Provincial Economic Forecast

Not Out of the Woods Yet

Beata Caranci, Chief Economist, 416-982-8067

Derek Burleton, Deputy Chief Economist | 416-982-2514

Rishi Sondhi, Economist | 416-983-8806

Omar Abdelrahman, Economist | 416-734-2873

Date Published: September 17, 2020

    Provincial Real GDP Growth Forecast (2020)
  • Unprecedented contractions in economic activity were recorded from coast to coast in the first half of 2020. With the provinces now well along in their re-openings, the long journey towards recovery has begun, paving the way for solid rebounds in 2021. 
  • In general, smaller, less densely populated provinces with milder COVID-19 curves (i.e., NB, Man, and Sask.) appear to be further ahead in the recovery process.  Within the large provinces, Quebec has been the standout, having posted the swiftest recovery following its outsized contraction in March/April. 
  • While recoveries are expected to continue through 2021, growth already appears to be losing steam across the country, as recent early-stage rebounds give way to a more prolonged ‘recuperation’ phase.  As such, still-elevated provincial unemployment rates are expected to grind lower only slowly from current levels. The recent uptick in COVID-19 cases in some regions also serves as a reminder of the ongoing drag exerted by the pandemic until a vaccine is made available.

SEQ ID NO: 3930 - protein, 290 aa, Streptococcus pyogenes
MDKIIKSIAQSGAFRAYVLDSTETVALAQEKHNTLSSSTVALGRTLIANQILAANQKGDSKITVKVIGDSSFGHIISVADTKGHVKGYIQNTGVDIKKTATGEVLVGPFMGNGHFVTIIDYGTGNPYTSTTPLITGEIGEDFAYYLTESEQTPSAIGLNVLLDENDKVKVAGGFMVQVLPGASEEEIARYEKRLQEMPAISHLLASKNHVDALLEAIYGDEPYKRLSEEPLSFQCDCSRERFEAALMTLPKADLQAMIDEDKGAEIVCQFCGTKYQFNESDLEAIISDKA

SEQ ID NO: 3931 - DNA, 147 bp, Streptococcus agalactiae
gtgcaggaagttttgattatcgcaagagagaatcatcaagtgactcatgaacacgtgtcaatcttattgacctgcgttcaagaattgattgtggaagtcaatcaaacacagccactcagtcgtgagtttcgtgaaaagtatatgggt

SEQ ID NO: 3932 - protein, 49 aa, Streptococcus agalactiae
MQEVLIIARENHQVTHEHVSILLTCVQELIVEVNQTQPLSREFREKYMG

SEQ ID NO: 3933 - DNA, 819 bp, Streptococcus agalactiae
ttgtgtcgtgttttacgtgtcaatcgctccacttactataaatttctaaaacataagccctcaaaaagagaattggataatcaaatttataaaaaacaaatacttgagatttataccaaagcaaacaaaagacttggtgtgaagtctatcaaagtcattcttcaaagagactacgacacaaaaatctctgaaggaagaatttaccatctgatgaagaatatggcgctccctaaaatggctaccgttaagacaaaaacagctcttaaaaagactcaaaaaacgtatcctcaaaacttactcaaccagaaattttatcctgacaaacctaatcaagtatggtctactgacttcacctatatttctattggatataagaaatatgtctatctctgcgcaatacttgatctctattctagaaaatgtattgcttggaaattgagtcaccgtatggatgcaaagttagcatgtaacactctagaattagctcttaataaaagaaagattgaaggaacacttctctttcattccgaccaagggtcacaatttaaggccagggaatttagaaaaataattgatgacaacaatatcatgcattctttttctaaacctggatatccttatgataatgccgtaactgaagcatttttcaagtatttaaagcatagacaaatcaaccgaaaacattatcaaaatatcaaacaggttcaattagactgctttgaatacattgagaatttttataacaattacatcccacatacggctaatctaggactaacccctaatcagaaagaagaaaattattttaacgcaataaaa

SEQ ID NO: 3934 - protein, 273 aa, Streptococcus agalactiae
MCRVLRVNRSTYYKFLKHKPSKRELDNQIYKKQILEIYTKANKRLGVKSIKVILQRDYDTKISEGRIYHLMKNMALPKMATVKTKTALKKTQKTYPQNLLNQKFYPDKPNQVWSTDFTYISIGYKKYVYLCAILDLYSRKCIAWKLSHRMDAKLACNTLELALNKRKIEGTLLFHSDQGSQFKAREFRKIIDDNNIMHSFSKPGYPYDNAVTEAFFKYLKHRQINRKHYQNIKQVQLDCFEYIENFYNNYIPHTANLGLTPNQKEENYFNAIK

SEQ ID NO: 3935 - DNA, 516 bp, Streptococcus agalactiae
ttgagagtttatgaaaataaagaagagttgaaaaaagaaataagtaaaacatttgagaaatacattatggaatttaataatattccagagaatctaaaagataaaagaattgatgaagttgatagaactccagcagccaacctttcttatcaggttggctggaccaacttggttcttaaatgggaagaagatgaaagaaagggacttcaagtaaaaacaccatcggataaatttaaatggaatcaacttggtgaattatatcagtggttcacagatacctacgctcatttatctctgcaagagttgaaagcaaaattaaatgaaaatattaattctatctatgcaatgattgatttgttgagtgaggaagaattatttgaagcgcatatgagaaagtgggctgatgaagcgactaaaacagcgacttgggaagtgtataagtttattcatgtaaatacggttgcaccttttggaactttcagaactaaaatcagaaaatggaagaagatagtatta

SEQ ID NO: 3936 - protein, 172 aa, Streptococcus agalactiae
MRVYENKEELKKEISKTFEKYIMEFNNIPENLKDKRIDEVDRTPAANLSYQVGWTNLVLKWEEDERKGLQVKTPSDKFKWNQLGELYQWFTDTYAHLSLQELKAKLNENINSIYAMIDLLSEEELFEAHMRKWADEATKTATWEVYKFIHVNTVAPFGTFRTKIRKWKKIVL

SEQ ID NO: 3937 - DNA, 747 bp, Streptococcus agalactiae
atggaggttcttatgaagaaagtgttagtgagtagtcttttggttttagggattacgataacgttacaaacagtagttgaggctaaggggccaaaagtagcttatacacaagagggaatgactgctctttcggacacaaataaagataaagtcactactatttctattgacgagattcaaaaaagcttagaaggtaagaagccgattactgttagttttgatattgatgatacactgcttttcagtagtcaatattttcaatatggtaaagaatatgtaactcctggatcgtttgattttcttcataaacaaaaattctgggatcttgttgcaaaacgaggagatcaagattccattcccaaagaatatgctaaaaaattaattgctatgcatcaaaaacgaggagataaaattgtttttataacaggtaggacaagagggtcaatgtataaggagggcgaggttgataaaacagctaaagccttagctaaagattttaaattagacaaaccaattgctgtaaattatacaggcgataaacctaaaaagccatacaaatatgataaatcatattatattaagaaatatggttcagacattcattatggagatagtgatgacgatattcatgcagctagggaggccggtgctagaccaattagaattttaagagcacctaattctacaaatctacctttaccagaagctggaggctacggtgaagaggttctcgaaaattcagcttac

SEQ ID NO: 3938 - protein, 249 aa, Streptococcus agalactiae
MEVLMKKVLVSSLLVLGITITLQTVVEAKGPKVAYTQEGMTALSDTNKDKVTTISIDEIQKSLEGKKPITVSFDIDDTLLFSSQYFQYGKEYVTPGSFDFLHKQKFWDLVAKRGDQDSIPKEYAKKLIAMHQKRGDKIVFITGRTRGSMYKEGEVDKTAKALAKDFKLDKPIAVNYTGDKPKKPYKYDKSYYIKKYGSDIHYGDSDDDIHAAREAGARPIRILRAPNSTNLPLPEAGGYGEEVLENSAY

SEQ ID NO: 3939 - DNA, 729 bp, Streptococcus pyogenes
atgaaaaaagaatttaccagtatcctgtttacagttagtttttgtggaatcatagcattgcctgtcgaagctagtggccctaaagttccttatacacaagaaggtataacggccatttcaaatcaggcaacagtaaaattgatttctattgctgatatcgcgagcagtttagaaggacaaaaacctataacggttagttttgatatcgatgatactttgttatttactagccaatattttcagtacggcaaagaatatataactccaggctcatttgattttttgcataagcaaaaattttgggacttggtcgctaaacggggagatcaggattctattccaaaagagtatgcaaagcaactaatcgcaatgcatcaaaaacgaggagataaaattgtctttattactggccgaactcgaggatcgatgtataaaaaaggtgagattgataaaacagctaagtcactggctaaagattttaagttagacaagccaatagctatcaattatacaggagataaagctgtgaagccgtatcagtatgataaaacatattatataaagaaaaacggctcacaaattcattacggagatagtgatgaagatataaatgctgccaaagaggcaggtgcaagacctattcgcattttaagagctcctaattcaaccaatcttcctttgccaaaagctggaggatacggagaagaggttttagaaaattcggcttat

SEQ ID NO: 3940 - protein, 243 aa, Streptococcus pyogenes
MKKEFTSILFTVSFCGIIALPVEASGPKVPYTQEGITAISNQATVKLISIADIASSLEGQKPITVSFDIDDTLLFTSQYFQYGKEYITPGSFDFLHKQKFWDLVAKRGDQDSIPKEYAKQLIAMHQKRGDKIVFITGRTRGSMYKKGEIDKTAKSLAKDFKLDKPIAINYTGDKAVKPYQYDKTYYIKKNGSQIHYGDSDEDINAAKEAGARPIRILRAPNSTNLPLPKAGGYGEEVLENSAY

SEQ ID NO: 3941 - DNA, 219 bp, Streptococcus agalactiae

• Provincial deficits are expected to total a combined $100 billion (4.5% of GDP) this fiscal year. At the top end of the list, Alberta set to record a deficit-to-GDP ratio approaching 8.1% this fiscal year, followed by N&L (7.3%) and Ontario (4.6%). These outsized shortfalls will send the combined net debt-to-GDP ratio to around 38%, the highest level since the mid-80s. 
  • Provincial governments are rolling out large spending programs that should help backstop their nascent economic recoveries. For example, double-digit program spending growth for this fiscal year is now projected in Ontario and Quebec, marking a major upgrade on previous expectations. Elsewhere, Alberta, Saskatchewan, and B.C. have hefty capital spending packages set aside for this fiscal year.
  • Housing markets across the country have made headlines for their impressive resilience during the outbreak. Indeed, both home sales and prices are now rising at double-digit annual rates. Moving forward, this outsized rate of activity should give way to a more “normal” pace as pent-up demand is diminished, though tight conditions should put a floor on prices in 2021.

For more details on our national forecast see our Quarterly Economic Forecast

British Columbia

British Columbia Economic Forecasts
[ Annual average % change, unless otherwise noted ]
  2020 2021 2022
Real GDP -5.4 4.4 3.2
Nominal GDP -3.8 6.0 5.2
Employment -6.5 5.9 2.3
Unemployment Rate (%) 9.4 7.0 5.7
Housing Starts (000's) 38.7 36.1 33.8
Existing Home Prices 9.5 -3.8 0.1
Home Sales 6.0 1.2 0.3
Source: Statistics Canada, CMHC, CREA, Forecast by TD Economics

B.C.’s economy is expected to suffer a slightly less severe hit than the nation as a whole. The province faced a mild COVID-19 curve and lesser restrictions on activity at the onset of the pandemic. However, since our June forecast, the pace of businesses reopenings and the recovery in consumer mobility have evolved more slowly than we had expected. A recent surge in daily caseloads has also prompted the government to impose new restrictions on bar hours and a ban on some entertainment venues.